Best Town for Dining

First Place (Tie): Lake Geneva deserves this honor. From incredible steaks and wines at the Geneva Chop House at the Grand Geneva Resort to the Red Geranium, El Palenque or Popeye’s casual sining, an institution overlooking the grand waterfront, Lake Geneva can please any palate. To round out your trip, catch a ride on one of the Gage Marine excursion boats and get a relaxing view of the lavish estates built by Chicago-land industrialists, or stargaze at the historic Yerkes Observatory on Williams Bay.

First Place (Tie): Sister Bay’s Al Johnson’s restaurant has goats on its sod roof, but be sure to go inside for the lingonberry pancakes. And don’t miss the Mission Grille or the Inn at Kristofer’s.

Second Place: Green Lake with Grey Rock, Norton’s Dining Room and Carvers on the Lake.

Best Town for a Fishing Getaway

First Place:Minocqua, surrounded by hundreds of excellent muskie lakes, has long been a favorite headquarters for serious sport fishers and families looking for Northwoods tranquility. The quiet town that once was a favorite getaway for mobsters like John Dillinger and Baby Face Nelson now sports dozens of great shops, excellent restaurants, bookstores and latte kiosks, as well as excellent family resorts.

Second Place: Hayward not only has 55,000 acres of lakes and miles of great rivers, but it also hosts the Freshwater Fishing Hall of Fame with the world’s biggest muskie, five stories tall.

Third Place: Eagle River, in northeast Wisconsin on the 14-mile chain of 28 lakes, is said to be the longest inland chain in the world. For excellent resort lodging and dining, the Chanticleer Inn on Voyageur Lake is a longtime favorite.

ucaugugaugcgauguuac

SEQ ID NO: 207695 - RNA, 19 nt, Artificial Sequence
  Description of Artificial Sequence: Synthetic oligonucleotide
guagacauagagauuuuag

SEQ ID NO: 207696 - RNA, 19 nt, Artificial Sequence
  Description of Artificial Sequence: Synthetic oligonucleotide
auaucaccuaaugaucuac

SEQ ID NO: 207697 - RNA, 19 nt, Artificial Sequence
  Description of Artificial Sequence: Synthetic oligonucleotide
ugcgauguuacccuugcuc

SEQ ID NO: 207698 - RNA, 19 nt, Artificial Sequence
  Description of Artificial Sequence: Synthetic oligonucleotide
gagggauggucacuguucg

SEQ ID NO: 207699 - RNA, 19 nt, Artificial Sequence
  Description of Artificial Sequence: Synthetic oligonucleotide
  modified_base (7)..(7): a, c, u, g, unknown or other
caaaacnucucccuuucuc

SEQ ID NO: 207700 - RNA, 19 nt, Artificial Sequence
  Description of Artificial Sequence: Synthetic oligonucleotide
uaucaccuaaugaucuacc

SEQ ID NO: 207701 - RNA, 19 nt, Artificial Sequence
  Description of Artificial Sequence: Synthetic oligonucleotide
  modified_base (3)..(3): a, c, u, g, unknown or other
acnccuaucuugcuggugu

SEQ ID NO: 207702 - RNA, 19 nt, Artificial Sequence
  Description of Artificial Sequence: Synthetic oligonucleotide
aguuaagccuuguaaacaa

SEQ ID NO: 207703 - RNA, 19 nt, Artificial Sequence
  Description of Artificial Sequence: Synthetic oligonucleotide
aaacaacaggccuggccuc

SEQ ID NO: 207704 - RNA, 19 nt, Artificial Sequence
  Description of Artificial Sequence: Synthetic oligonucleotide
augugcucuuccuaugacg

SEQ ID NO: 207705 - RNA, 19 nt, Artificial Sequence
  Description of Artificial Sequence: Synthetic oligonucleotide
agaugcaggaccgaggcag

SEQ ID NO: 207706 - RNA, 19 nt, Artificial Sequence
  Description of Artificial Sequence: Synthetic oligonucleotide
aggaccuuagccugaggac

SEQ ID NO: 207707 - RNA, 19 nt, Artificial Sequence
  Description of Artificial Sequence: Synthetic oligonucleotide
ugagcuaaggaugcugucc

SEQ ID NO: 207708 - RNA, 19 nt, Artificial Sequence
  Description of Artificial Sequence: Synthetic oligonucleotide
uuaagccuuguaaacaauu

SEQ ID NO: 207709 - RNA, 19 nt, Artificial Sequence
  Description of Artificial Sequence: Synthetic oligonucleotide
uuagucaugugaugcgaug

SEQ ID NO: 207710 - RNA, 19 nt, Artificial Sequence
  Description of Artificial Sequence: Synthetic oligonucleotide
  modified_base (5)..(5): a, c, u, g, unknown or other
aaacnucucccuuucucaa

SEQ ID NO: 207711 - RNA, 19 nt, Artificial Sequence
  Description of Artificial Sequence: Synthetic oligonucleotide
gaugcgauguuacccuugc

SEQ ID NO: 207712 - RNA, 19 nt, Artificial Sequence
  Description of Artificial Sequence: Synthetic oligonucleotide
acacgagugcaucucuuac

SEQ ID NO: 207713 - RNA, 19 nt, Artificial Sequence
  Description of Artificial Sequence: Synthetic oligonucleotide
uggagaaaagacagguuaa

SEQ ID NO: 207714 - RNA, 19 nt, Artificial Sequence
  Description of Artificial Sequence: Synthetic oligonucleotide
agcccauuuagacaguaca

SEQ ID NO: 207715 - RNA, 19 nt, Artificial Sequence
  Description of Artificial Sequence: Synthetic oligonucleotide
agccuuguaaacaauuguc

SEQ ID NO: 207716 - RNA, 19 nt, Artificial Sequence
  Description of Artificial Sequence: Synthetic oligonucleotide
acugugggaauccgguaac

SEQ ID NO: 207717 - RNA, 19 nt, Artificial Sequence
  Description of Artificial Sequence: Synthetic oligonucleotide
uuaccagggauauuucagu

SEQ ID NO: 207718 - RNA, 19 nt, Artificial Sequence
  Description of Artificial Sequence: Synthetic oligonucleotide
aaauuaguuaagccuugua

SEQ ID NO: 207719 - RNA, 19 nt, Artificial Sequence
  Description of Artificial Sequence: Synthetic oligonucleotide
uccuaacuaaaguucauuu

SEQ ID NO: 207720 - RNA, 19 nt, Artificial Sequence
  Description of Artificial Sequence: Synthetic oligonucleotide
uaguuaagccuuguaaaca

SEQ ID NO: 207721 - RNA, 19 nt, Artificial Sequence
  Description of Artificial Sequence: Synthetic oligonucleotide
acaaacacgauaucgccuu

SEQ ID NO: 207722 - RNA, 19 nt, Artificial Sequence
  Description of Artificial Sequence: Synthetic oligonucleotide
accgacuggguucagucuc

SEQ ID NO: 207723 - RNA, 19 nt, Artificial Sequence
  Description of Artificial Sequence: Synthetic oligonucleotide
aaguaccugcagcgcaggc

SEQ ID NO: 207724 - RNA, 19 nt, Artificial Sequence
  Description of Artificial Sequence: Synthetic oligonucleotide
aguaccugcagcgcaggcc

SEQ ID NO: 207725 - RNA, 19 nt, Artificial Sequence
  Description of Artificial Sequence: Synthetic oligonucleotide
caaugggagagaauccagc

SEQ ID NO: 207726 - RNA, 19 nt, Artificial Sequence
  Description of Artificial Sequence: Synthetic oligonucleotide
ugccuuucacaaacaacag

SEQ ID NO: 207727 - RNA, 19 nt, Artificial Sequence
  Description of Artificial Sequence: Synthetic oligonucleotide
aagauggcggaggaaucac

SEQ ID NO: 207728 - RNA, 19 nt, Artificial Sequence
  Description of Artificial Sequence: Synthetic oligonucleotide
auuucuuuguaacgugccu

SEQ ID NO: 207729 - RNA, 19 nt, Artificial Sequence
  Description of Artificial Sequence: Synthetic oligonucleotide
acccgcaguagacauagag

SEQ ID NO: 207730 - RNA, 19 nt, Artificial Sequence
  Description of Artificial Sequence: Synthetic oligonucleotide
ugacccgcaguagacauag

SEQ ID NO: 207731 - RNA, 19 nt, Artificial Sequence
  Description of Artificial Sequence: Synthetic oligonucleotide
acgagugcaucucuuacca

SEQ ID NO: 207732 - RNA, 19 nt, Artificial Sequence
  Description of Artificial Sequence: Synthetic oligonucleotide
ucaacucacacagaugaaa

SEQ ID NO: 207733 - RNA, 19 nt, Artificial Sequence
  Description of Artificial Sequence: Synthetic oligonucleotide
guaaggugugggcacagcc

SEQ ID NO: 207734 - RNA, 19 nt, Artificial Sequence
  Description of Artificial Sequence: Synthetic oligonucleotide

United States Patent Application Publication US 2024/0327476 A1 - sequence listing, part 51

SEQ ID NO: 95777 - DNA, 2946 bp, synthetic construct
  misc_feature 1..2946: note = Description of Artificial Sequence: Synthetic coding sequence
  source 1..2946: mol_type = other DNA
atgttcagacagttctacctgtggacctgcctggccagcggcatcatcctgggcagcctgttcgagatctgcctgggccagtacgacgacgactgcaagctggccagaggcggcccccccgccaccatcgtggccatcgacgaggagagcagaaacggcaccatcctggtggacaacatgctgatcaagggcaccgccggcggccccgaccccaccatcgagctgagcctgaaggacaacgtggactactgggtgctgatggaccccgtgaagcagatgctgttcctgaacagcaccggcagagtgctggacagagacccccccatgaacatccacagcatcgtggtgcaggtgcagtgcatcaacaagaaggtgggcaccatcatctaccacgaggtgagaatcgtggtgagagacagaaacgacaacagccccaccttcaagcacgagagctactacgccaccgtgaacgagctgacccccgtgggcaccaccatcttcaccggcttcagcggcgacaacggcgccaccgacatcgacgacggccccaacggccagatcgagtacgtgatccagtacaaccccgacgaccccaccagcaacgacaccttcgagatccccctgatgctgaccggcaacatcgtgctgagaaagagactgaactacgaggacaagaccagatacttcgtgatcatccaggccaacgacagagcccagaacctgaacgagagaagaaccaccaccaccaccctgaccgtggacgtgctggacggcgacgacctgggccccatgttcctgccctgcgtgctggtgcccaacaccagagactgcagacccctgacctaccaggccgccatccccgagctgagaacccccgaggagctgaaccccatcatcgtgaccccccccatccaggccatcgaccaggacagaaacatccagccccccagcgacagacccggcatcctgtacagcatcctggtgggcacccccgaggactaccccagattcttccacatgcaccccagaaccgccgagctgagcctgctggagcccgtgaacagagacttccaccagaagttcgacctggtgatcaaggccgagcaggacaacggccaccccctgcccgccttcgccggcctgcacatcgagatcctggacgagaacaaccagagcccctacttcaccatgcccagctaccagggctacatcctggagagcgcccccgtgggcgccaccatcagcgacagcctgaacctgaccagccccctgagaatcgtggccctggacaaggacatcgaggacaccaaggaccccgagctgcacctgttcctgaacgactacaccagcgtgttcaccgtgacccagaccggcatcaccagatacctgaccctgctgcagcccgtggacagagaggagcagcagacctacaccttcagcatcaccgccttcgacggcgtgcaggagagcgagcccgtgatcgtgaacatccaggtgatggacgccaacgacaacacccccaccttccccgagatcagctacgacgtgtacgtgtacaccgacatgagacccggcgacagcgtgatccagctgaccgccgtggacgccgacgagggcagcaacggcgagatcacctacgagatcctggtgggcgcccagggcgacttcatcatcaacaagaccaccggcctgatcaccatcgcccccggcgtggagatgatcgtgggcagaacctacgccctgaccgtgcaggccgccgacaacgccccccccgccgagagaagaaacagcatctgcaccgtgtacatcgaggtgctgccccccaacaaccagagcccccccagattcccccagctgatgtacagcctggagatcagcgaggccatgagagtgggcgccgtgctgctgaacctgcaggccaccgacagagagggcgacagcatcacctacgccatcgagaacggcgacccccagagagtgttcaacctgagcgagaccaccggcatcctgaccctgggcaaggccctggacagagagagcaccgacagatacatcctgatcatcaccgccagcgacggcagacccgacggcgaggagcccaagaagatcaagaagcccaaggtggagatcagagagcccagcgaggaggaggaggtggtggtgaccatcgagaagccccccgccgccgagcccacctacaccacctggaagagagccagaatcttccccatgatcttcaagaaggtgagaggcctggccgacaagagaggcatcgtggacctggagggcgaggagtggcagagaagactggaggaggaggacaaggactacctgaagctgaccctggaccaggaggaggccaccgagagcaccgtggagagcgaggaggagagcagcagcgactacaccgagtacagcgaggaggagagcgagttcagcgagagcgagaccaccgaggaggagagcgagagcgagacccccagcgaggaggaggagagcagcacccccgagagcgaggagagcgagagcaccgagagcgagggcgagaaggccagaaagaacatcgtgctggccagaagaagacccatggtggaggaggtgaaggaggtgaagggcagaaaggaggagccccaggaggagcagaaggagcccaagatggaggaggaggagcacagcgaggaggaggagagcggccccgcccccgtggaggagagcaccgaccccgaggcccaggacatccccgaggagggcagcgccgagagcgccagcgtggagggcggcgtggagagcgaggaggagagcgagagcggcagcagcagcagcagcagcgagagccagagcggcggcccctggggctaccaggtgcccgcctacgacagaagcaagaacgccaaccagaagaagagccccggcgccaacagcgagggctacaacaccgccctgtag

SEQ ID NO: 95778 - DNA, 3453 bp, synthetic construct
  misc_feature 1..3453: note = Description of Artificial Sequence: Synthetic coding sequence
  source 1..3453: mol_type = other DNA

Best Town for a Biking Getaway

First Place: Sparta, about 20 miles east of La Crosse, is at the northern end of the famous Elroy-Sparta Trail and claims to be the Bicycling Capital of America. It’s set in the picturesque rolling hills and valleys of west-central Wisconsin, where you can also visit the museum that honors Apollo astronaut Deke Slayton. From June 6-8, don’t miss Butterfest.

Second Place: Two Rivers claimed second place on the strength of two great trails that skirt the Lake Michigan shoreline and connect Point Beach State Forest with Two Rivers and downtown Manitowoc.

Third Place: Boulder Junctionis a wonderful Northwoods town with a railroad and logging history and a well-deserved reputation for great fishing, but it earned this honorable mention because of its outstanding bike trail system.

Best Snowmobiling Getaway

First Place: Eagle River is where the World Champion Snowmobile Derby got its start and where its 500 miles of groomed trails draw thousands of fans every winter.

Second Place: Hayward (See Best Fishing Getaway)

Third Place: Minocqua (See Best Fishing Getaway)

Best Town for a Boating Getaway